You should be aware, however, that if you let someone else rent all or part of your home, you become their landlord and you will be creating a tenancy, which could be difficult for you to end. You could have considerable difficulty making them leave if you wanted your flat back, you could also have problems selling your lease if you have a 'sitting tenant'. You are also responsible for ensuring that the sub-tenant complies with all obligations laid out in the terms of your lease. It is important that you have a clear and concise written agreement in place when you sub-let, in order to give you appropriate recourse through the courts.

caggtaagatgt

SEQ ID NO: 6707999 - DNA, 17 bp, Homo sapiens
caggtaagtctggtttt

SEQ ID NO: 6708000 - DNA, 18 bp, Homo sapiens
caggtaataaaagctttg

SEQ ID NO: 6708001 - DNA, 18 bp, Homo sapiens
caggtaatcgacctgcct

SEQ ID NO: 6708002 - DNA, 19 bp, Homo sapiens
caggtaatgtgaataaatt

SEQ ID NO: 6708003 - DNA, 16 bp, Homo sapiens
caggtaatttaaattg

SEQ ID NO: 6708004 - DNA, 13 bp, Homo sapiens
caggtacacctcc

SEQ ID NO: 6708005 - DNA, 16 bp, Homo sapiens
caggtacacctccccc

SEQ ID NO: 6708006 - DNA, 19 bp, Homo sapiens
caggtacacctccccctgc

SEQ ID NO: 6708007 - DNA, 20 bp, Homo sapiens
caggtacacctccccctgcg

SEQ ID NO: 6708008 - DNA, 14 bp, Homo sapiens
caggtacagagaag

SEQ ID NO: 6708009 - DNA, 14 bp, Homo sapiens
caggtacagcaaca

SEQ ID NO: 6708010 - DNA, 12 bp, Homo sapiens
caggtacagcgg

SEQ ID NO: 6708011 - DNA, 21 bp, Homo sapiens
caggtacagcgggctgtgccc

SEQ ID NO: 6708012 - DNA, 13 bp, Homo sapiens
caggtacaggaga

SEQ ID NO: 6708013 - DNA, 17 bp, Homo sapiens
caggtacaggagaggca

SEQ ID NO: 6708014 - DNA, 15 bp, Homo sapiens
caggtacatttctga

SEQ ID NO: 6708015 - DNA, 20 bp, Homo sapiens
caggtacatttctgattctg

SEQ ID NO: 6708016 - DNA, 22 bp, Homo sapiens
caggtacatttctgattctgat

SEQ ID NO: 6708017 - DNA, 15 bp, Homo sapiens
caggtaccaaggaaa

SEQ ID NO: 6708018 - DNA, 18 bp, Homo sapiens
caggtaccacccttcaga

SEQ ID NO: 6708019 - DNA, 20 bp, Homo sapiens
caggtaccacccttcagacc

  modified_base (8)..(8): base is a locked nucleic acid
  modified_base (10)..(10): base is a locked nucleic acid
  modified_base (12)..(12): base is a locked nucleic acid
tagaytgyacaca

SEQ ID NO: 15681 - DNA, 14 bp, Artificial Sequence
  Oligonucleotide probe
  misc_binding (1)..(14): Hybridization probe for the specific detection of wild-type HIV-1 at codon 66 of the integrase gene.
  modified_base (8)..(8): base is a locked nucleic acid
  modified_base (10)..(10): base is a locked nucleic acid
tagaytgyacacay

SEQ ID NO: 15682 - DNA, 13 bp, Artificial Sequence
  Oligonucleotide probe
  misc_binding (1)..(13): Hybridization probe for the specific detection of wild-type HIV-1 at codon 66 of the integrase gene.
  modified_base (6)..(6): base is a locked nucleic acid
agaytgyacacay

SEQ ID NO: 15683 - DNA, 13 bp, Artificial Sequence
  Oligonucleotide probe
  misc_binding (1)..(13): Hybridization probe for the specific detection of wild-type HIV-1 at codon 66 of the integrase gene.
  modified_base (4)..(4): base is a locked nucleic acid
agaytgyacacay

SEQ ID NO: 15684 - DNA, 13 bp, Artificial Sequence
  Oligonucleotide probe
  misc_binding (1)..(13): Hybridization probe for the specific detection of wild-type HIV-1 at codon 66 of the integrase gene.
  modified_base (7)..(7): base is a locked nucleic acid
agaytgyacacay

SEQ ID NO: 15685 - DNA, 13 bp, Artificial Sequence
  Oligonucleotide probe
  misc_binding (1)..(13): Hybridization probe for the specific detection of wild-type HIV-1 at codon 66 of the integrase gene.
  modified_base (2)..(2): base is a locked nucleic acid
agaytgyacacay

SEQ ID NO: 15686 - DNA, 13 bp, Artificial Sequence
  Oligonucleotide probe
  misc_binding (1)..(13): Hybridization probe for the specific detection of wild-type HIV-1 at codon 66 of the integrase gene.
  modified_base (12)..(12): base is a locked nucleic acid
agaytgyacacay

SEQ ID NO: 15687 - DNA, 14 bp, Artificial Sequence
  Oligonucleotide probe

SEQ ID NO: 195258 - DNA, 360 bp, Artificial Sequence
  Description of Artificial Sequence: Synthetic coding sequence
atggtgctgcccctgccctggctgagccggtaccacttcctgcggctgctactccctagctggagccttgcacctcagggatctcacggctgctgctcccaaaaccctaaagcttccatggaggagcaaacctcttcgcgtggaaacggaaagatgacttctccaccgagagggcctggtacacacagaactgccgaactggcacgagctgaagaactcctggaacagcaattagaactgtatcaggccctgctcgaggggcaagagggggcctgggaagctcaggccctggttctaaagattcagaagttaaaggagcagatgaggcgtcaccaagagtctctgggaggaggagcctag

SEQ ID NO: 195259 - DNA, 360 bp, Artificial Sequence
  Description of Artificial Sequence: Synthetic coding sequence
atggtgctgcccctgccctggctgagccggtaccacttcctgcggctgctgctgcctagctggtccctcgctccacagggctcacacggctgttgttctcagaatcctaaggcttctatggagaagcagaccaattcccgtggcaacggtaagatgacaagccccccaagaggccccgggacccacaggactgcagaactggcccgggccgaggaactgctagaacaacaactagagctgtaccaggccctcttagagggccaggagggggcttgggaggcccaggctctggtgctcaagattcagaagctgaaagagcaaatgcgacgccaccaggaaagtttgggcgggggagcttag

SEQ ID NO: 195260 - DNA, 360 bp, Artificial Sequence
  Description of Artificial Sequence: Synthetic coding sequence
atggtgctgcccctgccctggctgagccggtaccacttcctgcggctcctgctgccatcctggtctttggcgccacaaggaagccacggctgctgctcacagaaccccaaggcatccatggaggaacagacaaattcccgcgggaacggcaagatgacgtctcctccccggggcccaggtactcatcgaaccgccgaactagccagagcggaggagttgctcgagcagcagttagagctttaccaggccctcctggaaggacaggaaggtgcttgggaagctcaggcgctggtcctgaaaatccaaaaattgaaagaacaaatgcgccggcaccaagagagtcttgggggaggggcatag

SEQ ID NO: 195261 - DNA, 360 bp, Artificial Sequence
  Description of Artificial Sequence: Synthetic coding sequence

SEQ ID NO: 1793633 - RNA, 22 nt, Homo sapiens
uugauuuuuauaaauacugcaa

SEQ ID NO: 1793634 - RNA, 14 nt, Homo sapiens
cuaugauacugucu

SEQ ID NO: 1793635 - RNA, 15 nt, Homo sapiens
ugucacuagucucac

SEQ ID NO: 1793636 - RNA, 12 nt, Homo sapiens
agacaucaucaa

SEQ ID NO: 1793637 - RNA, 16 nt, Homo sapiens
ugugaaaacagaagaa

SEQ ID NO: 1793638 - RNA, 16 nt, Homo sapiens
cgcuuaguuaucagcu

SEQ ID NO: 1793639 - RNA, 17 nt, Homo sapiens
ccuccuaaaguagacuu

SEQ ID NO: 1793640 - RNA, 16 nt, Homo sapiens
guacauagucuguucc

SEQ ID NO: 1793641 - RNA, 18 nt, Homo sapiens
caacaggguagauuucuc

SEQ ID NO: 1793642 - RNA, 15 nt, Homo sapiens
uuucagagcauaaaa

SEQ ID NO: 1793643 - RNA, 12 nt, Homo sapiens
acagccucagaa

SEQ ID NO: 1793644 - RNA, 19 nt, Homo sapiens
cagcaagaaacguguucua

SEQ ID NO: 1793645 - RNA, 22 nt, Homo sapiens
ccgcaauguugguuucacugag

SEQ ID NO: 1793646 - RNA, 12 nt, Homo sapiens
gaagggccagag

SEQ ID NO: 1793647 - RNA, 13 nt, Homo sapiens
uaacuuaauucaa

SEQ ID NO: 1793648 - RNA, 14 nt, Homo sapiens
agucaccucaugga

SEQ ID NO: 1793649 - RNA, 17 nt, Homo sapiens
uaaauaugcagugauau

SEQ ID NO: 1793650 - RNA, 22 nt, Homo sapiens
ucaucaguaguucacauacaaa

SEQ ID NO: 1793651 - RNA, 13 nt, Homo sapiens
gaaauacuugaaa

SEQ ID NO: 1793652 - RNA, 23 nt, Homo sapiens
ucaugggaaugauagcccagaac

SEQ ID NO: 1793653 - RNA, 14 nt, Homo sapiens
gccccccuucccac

To comply with the provisions of the Council’s insurance policy, any sub-letting must be in the form of a legally binding shorthold tenancy agreement. South Essex Homes should be notified of this and be made aware of your address, as you would still be the person to whom all correspondence is sent regarding the flat.
Failure to provide proof of a tenancy agreement could increase the Insurance Premium you have to pay by as much as 35%.
Before you agree to rent your flat to someone else, you should look into it thoroughly. Before entering into any agreement with a third party, please contact the Council’s Housing Advice Team or the Citizens Advice Bureau as to what you should do, to ensure that you are legally protected.